Just under a year ago, we introduced the Red Hat Enterprise Linux Developer Toolset 1.0 which provides the latest, stable open source developer tool versions at an accelerated cadence than that of Red Hat Enterprise Linux.  That version started with gcc 4.7 and gdb 7.4.  Since then, we’ve added V1.1 with some additional components and today we are announcing V2.0  beta that adds Eclipse, and more:

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How Long Does It Take to …

One common idiom in performance monitoring is how long did it take for a program to do something. For example you may want to know the time taken for database queries in PostgreSQL or just-in-time translations in a Java Virtual Machine. SystemTap and user-space markers in Linux packages make it much easier to determine the duration of those operations.

The user-space markers compiled into Linux packages mark key points in the code where particular actions occur. The user-space markers also provide arguments that provide additional information about the action. For example, the markers and the available arguments in PostgreSQL can be listed using using the SystemTap command:

$ stap -L 'process("postgres").mark("*")'

The two user-space markers related to the start and completion of a query are:

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Red Hat at the ISO C++ Standards Meeting, Bristol, UK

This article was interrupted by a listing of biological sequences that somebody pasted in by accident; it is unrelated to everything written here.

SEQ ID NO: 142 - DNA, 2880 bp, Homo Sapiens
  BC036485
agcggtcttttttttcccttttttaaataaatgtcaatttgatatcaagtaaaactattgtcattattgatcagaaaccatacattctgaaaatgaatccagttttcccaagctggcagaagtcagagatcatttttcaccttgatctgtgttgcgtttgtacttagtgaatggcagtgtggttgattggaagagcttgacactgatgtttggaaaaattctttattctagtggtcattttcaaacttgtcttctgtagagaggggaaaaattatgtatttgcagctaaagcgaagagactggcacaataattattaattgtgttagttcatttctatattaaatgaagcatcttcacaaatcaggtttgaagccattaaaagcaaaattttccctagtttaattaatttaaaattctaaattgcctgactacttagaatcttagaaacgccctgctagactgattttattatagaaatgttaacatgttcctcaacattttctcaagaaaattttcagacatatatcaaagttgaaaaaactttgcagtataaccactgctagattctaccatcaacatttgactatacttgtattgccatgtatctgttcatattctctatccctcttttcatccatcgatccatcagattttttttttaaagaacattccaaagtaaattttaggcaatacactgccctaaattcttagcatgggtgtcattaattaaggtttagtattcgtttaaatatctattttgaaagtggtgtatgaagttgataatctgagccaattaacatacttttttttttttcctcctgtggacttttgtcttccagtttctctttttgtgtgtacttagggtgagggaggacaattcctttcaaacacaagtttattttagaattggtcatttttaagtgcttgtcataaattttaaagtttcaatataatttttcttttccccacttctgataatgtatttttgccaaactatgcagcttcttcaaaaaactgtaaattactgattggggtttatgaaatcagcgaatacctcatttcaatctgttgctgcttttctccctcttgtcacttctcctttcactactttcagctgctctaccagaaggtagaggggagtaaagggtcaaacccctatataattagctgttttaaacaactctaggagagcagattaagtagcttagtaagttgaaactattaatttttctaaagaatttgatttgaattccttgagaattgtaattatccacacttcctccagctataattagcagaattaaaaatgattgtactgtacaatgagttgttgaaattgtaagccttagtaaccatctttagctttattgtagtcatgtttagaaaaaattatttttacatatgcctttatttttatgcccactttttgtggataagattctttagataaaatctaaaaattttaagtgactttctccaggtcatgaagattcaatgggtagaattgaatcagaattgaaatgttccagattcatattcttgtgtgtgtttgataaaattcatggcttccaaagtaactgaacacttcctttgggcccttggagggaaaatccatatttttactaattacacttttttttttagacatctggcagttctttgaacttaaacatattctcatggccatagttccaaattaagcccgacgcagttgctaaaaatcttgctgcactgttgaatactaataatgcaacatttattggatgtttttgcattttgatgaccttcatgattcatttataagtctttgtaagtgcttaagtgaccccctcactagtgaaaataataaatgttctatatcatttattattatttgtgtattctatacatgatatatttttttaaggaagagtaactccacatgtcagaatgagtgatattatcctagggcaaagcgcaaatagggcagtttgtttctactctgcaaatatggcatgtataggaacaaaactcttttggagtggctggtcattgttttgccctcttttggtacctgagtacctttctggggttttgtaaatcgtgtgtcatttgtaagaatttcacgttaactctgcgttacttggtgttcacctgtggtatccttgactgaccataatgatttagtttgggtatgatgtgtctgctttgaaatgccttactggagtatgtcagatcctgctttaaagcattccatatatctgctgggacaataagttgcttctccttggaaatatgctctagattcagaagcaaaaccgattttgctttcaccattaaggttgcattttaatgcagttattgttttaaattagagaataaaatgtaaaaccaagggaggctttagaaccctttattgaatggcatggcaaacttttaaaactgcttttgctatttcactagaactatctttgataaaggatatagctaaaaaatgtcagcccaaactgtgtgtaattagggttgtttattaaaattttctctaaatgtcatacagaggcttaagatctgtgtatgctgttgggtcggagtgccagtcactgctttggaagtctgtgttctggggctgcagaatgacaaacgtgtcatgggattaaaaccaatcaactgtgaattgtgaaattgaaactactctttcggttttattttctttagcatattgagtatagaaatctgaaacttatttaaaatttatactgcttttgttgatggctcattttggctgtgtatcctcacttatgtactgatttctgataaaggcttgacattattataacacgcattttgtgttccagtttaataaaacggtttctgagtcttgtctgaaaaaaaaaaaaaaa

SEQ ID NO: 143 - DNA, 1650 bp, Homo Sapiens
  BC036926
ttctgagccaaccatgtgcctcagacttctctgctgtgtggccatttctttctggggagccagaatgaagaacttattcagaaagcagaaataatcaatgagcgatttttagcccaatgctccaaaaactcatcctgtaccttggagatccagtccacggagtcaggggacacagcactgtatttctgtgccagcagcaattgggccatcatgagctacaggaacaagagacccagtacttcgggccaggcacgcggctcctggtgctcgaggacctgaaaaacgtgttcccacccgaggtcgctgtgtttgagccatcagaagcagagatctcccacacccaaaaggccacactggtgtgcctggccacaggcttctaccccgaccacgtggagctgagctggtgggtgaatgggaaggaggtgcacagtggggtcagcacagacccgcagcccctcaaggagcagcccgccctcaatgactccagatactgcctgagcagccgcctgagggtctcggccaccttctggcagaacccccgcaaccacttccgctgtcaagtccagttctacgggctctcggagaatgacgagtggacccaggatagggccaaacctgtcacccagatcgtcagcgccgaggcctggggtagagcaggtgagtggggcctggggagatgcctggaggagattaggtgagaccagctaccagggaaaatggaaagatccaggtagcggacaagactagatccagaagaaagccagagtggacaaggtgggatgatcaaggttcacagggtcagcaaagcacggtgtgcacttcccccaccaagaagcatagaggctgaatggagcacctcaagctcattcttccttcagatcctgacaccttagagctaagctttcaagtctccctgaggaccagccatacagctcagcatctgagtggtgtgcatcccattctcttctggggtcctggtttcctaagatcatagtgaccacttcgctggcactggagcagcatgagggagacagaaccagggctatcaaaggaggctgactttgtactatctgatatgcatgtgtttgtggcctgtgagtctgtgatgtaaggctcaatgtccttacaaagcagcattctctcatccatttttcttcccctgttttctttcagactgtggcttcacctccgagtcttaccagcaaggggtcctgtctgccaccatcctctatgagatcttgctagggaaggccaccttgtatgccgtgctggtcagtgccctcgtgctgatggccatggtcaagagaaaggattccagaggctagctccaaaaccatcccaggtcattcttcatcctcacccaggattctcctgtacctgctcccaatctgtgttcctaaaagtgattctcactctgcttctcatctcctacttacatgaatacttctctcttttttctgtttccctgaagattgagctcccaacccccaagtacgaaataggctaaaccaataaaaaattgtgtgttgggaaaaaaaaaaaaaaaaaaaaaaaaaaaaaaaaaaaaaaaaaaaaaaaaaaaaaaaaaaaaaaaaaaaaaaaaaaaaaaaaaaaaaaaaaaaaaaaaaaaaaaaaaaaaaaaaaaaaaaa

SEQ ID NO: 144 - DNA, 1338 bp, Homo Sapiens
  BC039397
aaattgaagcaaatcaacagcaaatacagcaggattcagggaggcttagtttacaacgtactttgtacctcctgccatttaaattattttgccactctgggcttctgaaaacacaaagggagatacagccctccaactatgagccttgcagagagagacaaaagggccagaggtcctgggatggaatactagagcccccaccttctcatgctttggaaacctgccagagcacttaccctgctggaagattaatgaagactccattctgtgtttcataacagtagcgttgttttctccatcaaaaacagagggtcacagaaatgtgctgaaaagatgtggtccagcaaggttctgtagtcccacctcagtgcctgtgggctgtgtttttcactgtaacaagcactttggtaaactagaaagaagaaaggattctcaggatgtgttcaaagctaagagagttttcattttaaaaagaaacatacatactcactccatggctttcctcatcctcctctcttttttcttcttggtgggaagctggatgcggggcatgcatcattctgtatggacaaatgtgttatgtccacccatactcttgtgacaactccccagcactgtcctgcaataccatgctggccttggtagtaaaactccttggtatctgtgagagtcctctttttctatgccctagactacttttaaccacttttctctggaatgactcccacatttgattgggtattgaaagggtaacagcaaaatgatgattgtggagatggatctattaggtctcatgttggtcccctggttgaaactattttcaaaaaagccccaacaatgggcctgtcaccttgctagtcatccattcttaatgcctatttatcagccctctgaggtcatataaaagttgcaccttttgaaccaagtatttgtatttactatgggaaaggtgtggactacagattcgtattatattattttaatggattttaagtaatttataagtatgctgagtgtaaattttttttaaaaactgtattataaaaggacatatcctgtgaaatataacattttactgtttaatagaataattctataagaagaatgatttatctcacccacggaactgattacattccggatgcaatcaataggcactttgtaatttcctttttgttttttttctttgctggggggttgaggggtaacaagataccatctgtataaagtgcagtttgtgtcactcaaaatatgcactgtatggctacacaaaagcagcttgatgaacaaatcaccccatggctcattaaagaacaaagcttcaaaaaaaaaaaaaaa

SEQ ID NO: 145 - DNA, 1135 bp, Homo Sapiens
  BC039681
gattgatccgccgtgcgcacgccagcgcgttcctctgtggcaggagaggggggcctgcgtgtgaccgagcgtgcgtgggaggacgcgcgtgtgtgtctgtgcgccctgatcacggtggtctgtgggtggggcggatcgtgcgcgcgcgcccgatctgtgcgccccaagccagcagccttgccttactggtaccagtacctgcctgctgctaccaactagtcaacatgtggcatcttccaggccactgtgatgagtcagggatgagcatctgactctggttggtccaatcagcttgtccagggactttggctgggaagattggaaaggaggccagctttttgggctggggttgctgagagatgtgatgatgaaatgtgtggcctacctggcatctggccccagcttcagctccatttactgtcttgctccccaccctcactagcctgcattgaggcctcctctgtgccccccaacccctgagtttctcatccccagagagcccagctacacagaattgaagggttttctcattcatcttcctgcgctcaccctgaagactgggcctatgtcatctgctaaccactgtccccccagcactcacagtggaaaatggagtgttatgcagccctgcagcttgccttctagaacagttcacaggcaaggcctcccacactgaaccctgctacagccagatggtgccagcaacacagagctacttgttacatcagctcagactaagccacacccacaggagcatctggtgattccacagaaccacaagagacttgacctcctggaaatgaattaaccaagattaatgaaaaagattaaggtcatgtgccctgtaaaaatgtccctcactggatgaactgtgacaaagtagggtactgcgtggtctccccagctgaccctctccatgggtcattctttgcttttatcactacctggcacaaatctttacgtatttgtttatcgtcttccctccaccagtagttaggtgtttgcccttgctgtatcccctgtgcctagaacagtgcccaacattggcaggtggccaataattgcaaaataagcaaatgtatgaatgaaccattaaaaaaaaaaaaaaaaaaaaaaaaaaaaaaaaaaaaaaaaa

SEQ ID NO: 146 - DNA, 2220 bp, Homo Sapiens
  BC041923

Red Hat has actively participated in the ISO group defining the C++ standard for many years, and continues to make a significant contribution. The Red Hat toolchain team was well-represented at the spring meeting of the standardization committee (technically JTC1/SC22/WG21) in Bristol, UK, last month: we had three people there for the full week, with one other visiting a couple of times during the week. In this article, Jason Merrill summarizes the main highlights and developments of interest to Red Hat’s customers and partners:

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Starting with SystemTap

As I stare at this blank screen to start writing my first blog entry I have that same feeling that so many developers have when starting with an unfamiliar programming language or application.  The developers in our group realize that it is not easy starting from nothing and we strive to make it easier to productively use SystemTap to investigate performance problems.

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Array allocation in C++

This technical article covers a subtlety in C++ array allocation and how we changed the GNU C++ compiler to deal with it properly. When a programmer writes

T *p = new T[3];

the C++ compiler allocates room for at least three copies of objects of type T on the heap. These objects require 3 * sizeof(T) bytes. For this example, assume sizeof(T) is 12, then it is straightforward to allocate 36 bytes (for example, using malloc). But what happens if the array length is 3937053355 (or 16909515400900422315 on a 64-bit architecture)? Then 47244640260 bytes are required. This number cannot be expressed in 32-bits, so if 32-bit arithmetic is used to perform the multiplication, the result is a mere 4. Unless special care is taken, a C++ implementation will provide a pointer to a heap area that is much too small for holding the requested number of objects (4 bytes instead of 47244640260 bytes).